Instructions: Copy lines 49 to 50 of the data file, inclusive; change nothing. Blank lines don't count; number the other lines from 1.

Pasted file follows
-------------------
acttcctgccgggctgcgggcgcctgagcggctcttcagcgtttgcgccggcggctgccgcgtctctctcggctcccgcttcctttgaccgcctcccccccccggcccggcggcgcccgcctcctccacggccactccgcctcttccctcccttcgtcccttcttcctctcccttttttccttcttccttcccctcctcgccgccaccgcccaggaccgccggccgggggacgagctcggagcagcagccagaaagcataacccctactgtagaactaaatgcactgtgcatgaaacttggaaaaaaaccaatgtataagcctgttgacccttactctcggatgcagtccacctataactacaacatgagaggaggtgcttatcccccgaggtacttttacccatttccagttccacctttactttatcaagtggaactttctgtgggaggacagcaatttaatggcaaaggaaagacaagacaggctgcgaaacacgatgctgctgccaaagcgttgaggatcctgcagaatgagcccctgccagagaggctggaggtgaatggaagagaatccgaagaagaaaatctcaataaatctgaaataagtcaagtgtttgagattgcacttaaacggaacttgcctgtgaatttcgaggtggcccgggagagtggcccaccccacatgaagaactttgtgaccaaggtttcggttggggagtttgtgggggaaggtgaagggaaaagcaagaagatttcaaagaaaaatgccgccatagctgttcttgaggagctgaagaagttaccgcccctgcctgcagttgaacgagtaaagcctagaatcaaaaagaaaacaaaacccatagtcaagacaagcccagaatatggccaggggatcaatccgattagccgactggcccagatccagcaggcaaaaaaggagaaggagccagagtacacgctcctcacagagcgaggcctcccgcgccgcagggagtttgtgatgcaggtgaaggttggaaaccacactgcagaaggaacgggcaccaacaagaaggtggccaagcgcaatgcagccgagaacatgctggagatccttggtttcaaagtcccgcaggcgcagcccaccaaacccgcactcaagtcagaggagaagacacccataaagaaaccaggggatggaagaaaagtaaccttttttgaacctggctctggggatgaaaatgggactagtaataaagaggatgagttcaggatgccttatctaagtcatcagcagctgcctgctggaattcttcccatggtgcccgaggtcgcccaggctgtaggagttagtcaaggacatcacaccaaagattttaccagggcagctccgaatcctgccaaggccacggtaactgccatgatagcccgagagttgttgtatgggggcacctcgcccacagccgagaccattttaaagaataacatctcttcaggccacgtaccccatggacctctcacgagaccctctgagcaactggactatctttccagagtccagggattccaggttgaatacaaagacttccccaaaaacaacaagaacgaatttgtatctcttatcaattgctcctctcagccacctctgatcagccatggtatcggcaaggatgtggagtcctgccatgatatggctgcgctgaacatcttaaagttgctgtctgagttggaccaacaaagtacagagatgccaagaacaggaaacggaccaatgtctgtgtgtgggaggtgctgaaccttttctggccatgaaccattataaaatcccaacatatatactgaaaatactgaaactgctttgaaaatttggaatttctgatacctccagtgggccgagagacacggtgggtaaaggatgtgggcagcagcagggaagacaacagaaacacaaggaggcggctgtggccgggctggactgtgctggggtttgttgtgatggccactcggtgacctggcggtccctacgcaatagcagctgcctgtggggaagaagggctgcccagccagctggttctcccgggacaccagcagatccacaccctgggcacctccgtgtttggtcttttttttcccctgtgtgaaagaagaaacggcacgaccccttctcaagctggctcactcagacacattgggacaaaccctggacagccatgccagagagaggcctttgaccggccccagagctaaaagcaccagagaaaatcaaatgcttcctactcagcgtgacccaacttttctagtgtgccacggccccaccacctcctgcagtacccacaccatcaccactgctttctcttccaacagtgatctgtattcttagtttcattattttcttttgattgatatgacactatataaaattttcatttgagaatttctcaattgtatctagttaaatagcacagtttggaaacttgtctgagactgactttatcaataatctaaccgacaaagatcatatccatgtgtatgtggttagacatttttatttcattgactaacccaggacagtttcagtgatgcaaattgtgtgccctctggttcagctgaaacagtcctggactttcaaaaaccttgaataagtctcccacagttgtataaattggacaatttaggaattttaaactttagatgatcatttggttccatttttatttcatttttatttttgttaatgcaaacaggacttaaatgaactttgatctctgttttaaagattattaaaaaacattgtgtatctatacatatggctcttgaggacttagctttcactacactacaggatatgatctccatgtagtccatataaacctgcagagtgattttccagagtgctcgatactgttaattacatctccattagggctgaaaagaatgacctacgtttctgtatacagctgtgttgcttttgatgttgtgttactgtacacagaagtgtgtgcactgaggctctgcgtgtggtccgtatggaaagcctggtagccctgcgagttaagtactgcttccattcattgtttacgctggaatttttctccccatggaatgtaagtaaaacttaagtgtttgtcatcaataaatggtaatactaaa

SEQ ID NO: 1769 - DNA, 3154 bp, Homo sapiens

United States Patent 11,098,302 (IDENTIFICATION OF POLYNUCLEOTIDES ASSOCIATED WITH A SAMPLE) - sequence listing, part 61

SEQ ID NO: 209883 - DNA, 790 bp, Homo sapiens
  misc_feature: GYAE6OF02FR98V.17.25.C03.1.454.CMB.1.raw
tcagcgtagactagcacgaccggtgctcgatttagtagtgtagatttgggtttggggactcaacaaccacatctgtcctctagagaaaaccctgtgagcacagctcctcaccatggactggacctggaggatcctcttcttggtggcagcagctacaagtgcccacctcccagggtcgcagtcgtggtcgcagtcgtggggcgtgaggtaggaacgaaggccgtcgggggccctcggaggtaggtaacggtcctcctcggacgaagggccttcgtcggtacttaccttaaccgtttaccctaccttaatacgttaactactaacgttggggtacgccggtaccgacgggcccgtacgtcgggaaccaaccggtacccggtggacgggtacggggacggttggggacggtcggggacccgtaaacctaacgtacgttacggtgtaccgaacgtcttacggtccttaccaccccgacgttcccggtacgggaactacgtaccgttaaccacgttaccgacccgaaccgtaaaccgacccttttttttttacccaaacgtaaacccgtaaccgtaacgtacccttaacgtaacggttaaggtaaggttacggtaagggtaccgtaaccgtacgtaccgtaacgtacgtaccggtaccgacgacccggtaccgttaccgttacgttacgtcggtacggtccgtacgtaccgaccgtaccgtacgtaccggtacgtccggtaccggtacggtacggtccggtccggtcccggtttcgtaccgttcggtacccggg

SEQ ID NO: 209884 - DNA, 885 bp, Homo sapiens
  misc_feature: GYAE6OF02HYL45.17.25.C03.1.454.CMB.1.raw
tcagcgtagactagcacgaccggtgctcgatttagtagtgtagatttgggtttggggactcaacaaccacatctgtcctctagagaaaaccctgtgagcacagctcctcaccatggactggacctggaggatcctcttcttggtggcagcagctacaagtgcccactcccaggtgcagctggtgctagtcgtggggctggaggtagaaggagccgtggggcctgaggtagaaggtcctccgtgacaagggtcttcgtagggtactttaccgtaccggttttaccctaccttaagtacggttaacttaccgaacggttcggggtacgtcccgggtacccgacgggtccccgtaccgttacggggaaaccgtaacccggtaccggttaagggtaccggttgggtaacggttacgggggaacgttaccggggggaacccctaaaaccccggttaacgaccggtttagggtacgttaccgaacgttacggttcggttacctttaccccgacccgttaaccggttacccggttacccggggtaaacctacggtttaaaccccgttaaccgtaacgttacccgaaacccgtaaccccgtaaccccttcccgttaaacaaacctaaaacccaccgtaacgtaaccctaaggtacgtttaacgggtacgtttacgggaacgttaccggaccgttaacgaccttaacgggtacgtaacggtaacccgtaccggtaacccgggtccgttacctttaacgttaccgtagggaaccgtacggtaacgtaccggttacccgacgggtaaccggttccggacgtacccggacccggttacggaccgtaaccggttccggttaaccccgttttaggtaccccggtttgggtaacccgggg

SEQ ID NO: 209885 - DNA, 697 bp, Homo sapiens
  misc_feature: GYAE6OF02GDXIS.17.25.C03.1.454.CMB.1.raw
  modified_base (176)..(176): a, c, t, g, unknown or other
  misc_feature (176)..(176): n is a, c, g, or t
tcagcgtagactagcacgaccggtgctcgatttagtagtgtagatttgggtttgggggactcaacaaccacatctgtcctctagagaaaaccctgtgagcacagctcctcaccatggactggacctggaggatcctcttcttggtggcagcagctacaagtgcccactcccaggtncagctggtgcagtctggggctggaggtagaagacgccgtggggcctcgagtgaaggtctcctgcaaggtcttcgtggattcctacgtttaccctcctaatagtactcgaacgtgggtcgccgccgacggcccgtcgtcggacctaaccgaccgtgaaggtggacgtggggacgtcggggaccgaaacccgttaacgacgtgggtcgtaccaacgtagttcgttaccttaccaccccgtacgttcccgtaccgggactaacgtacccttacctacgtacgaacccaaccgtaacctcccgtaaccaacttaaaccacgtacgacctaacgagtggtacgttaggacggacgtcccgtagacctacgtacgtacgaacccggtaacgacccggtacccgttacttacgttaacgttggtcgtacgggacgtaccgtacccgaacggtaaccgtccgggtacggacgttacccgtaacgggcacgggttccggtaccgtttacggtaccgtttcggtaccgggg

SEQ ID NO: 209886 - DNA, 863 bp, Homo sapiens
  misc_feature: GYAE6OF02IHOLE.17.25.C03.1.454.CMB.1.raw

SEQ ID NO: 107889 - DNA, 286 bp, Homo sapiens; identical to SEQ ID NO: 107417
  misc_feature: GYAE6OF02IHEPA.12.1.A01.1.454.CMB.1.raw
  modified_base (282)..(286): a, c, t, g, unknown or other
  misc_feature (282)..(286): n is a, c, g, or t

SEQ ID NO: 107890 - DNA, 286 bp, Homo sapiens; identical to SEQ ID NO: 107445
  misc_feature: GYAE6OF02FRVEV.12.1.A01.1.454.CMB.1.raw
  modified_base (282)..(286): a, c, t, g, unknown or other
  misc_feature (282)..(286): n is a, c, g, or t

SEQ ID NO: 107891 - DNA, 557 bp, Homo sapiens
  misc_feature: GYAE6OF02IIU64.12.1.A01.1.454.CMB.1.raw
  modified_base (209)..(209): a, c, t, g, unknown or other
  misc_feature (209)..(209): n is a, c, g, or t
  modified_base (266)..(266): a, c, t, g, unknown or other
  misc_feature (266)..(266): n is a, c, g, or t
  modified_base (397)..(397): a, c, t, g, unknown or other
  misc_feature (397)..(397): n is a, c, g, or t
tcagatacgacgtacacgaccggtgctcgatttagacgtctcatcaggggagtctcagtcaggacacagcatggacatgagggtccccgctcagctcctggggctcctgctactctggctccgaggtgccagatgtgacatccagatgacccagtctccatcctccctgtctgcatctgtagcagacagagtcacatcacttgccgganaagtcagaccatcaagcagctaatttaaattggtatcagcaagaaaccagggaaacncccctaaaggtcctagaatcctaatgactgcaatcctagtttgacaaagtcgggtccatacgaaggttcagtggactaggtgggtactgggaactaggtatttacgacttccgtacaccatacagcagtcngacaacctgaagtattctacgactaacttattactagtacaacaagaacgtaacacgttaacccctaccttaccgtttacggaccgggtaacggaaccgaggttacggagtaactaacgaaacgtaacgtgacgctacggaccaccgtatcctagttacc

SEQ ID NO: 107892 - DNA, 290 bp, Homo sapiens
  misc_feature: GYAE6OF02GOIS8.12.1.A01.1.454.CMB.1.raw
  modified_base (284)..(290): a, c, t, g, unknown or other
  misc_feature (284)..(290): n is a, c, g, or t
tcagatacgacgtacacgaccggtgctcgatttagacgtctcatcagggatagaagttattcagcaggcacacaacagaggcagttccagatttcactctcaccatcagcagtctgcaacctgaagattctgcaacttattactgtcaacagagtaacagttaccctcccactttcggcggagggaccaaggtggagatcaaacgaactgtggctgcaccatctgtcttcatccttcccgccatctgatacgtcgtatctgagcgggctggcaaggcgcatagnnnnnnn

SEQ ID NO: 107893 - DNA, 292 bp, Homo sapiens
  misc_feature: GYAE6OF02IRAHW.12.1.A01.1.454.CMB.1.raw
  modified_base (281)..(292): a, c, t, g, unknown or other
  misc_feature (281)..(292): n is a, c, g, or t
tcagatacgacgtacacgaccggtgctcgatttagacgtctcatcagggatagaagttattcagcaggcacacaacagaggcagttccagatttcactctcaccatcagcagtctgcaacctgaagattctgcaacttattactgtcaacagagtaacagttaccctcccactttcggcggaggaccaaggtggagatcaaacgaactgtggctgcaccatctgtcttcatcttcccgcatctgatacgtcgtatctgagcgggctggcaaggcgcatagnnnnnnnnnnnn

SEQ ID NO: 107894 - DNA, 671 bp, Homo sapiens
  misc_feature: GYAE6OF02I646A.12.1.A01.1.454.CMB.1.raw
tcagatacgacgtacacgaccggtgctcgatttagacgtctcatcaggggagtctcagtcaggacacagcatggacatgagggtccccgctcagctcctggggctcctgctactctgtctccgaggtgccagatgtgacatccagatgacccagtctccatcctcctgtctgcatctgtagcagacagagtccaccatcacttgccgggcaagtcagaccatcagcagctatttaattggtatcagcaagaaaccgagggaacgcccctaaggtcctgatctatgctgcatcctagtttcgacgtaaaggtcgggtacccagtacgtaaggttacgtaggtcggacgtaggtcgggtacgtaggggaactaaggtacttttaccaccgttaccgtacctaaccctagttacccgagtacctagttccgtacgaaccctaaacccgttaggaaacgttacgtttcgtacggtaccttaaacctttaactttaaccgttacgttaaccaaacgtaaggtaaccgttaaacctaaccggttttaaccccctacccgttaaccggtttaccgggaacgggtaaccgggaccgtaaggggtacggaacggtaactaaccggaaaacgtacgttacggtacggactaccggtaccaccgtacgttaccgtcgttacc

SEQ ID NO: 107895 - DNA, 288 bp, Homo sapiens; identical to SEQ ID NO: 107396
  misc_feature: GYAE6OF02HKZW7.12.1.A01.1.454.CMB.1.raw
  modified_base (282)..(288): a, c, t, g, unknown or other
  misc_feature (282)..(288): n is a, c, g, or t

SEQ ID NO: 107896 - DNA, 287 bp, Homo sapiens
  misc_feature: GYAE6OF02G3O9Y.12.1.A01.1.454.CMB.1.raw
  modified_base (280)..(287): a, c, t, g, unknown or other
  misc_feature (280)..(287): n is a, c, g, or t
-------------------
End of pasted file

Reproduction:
  modified_base (282)..(288): a, c, t, g, unknown or other
  misc_feature (282)..(288): n is a, c, g, or t